Its latest innovation is a system that displays real-time packhouse data – at The London Produce Show 2016. “The new tool we are creating displays the productivity of packing lines in real time on a big screen, which shows the packhouse manager straight away what is happening,” explains Morandell.
Top Control: real-time data from each station
Swedish firm MOST specialises in remotely connected tracking devices for logistics providers. The company is owned by technology innovation specialist BAS ITG and works within the perishables industry, providing devices that can track a cargo from start to finish without ever being disconnected. “Other devices typically have to be collected from a container or truck at the end of a journey and connected to a computer to upload the information,” CEO Matilda Bouchet says. “Since MOST is always connected to the Cloud, you just follow it on your phone or tablet and get the latest readings.”
The impetus for MOST’s creation came from a South African exporter who approached BAS ITG with the idea of developing a device that was always connected to the web so data did not get lost, after experiencing difficulties with traditional tracking solutions.
The MOST device, which made its first official appearance at The London Produce Show earlier this month, contains five sensors – location, temperature, humidity, light and shock, which provide continual readings over its 60+ battery lifespan.
Bouchet says another advantage of the technology is that it has digital rather than analogue sensors, meaning that the device does not have to be calibrated before being sent out. “With the MOST sensor you just take it out of its box, press the button, the green light comes on and you pop it into the container,” she says.
Rather than having to log in to different interfaces separately when handling multiple shipments, MOST’s system can also view all devices in transit at the same time.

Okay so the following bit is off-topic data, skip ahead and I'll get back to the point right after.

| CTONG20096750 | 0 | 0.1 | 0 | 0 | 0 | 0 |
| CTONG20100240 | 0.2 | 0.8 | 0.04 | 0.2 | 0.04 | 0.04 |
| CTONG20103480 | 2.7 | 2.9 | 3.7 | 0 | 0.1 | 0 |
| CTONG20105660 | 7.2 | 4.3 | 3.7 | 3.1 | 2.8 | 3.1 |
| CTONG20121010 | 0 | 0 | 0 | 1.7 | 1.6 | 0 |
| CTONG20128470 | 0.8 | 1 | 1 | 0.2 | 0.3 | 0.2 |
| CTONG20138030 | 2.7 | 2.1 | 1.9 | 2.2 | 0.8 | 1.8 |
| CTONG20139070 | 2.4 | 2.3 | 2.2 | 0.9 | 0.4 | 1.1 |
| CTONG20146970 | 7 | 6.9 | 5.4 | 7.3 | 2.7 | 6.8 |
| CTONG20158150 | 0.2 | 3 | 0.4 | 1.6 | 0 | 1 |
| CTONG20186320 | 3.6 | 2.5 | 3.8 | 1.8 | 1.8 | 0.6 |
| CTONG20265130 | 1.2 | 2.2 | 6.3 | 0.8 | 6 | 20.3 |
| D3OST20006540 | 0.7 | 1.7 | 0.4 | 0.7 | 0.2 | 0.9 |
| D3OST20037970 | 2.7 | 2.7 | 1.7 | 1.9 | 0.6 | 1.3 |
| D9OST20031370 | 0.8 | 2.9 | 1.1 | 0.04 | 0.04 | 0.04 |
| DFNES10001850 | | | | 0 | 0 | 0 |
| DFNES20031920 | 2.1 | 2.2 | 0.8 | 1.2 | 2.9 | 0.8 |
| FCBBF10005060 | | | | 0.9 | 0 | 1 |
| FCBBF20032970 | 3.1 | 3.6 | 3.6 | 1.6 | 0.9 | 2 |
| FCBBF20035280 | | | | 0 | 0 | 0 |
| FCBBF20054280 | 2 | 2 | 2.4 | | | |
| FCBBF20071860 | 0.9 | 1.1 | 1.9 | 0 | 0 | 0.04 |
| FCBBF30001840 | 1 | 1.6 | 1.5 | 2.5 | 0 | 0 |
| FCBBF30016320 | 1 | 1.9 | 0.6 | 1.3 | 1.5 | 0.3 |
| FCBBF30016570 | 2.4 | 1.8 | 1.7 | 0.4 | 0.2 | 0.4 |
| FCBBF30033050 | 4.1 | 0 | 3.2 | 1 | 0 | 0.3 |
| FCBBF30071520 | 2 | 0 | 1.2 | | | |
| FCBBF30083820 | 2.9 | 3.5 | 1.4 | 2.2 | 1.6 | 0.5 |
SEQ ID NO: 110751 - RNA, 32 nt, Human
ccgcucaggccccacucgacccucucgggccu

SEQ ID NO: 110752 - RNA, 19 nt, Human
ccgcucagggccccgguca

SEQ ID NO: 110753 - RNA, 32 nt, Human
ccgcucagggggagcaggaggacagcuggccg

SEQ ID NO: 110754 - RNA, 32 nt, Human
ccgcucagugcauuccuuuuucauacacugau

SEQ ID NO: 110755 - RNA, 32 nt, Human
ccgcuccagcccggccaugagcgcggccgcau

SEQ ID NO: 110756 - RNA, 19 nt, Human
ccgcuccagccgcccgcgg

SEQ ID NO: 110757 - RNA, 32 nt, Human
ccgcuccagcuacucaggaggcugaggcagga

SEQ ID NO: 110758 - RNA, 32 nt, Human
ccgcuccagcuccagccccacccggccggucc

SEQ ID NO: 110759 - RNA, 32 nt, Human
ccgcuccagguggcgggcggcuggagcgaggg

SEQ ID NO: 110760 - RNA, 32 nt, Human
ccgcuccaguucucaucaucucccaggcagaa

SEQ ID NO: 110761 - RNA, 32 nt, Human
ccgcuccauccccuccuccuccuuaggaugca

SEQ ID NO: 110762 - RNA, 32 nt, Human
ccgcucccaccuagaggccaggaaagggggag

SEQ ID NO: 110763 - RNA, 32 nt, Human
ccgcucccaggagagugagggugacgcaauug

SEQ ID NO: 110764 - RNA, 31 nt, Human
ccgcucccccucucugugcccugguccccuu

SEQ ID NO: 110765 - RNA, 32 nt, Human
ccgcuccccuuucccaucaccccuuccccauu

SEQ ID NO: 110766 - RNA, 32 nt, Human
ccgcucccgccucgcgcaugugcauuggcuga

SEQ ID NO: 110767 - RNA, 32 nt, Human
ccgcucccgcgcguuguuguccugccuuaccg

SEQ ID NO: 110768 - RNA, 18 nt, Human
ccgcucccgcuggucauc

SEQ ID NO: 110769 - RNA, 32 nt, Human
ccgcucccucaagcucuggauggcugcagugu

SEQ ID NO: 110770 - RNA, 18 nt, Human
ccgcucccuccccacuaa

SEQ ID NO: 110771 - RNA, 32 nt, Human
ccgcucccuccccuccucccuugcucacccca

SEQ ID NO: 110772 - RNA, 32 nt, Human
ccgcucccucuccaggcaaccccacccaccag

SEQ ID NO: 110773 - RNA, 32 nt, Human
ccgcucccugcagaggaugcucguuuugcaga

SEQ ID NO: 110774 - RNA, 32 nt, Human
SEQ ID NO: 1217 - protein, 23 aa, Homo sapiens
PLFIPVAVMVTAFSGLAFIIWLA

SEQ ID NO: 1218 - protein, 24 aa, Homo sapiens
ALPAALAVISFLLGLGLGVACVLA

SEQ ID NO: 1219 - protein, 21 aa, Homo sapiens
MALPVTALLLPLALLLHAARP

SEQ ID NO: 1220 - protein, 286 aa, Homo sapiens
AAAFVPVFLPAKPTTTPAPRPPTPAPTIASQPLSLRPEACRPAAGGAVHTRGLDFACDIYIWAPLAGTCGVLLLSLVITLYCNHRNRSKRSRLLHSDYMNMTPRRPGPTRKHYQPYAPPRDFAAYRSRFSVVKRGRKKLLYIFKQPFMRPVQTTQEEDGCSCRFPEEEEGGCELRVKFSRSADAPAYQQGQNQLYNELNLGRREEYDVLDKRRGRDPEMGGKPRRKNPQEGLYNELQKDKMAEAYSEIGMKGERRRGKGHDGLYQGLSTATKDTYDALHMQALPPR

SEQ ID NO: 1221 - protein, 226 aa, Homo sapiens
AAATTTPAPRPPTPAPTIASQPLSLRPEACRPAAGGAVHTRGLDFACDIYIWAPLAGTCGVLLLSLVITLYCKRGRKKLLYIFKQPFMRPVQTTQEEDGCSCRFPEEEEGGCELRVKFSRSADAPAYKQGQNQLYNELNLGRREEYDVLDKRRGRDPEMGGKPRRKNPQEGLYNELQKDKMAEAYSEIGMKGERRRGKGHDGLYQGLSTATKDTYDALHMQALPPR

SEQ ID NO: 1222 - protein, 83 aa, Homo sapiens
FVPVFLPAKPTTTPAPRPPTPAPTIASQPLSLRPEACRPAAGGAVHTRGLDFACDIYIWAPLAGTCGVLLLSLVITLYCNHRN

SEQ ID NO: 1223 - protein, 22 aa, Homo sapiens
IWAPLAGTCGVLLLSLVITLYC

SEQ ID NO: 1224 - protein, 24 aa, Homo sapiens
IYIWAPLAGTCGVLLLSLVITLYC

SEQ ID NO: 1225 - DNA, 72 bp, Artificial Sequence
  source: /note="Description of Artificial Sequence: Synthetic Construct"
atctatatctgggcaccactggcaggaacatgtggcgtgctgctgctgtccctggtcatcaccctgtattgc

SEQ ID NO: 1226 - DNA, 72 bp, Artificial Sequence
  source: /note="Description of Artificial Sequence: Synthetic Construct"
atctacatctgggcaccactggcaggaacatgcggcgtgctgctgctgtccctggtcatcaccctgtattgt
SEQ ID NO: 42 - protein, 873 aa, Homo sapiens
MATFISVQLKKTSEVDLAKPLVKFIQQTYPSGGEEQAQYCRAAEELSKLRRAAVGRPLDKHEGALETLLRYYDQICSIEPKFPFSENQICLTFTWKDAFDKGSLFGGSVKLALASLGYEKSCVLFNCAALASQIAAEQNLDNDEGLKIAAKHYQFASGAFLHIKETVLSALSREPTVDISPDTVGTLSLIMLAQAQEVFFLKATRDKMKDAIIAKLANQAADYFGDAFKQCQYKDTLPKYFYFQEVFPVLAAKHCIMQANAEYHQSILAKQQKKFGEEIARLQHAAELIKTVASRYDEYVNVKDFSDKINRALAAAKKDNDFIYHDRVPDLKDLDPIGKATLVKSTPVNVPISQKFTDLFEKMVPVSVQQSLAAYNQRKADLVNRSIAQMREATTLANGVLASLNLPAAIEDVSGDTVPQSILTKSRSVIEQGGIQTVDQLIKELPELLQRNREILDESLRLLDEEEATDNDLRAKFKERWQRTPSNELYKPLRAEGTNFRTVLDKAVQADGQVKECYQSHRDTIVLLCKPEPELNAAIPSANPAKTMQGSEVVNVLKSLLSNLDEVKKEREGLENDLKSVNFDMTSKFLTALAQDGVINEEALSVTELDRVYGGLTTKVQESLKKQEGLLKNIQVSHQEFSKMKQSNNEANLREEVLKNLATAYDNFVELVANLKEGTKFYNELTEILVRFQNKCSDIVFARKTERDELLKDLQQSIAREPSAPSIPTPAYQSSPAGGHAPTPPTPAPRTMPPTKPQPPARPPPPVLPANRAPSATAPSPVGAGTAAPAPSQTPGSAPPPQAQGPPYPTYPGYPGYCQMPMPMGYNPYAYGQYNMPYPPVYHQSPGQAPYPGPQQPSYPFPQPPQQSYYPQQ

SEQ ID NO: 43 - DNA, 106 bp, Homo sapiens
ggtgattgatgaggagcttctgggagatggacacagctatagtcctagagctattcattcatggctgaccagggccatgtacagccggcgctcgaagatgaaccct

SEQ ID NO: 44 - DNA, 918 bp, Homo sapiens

MOST's system is always connected to the Cloud
Linkfresh is a long-established technology specialist for the fresh produce sector, which focuses on developing software solutions for packhouses using Microsoft Dynamics Nav as its basis. Developed by its parent company some 12 years ago, Linkfresh has offices in Cambridge and California, and serves the rest of the world through a partner network.
“If you went to Microsoft and bought off-the-shelf ERP [Enterprise Resource Planning] software, it wouldn’t know anything about traceability or managing a packhouse, and that’s what Linkfresh adds on top,” explains the company’s chief technology officer, Richard Jones.
“It is software for our industry, and what’s unique about it is that it’s lots of different packages rolled-up into one; so it’s managing your packhouse and every aspect of the supply chain scenarios that we encounter.
“Whatever screen you are looking at, you have one set of information that is presented to you. The thing that makes it very unique is that we’ve got guys using handheld computers on ships, in packhouses, out in the field – it’s wherever you need this information, whatever device, it’s available to you.”
Linkfresh has so far carried out 170 implementations – the majority of which have been in the UK - and highlighted the system’s traceability capabilities, as well as other functions, at The London Produce Show.
“With all the food scares, if one of our customers is asked by a retailer, they can pull out all the information about how a particular bit of produce was handled through the whole company – we can trace back absolutely every interaction,” Jones says.
Next on the horizon is a new version of Linkfresh adapted to the needs of bigger businesses. “We’re expanding our portfolio – we have imported Linkfresh to MS Dynamics AX, which is a bigger beast,” he says. “It’s there to serve organisations with 200+ people, so we are launching our AX product offering for that larger customer base.”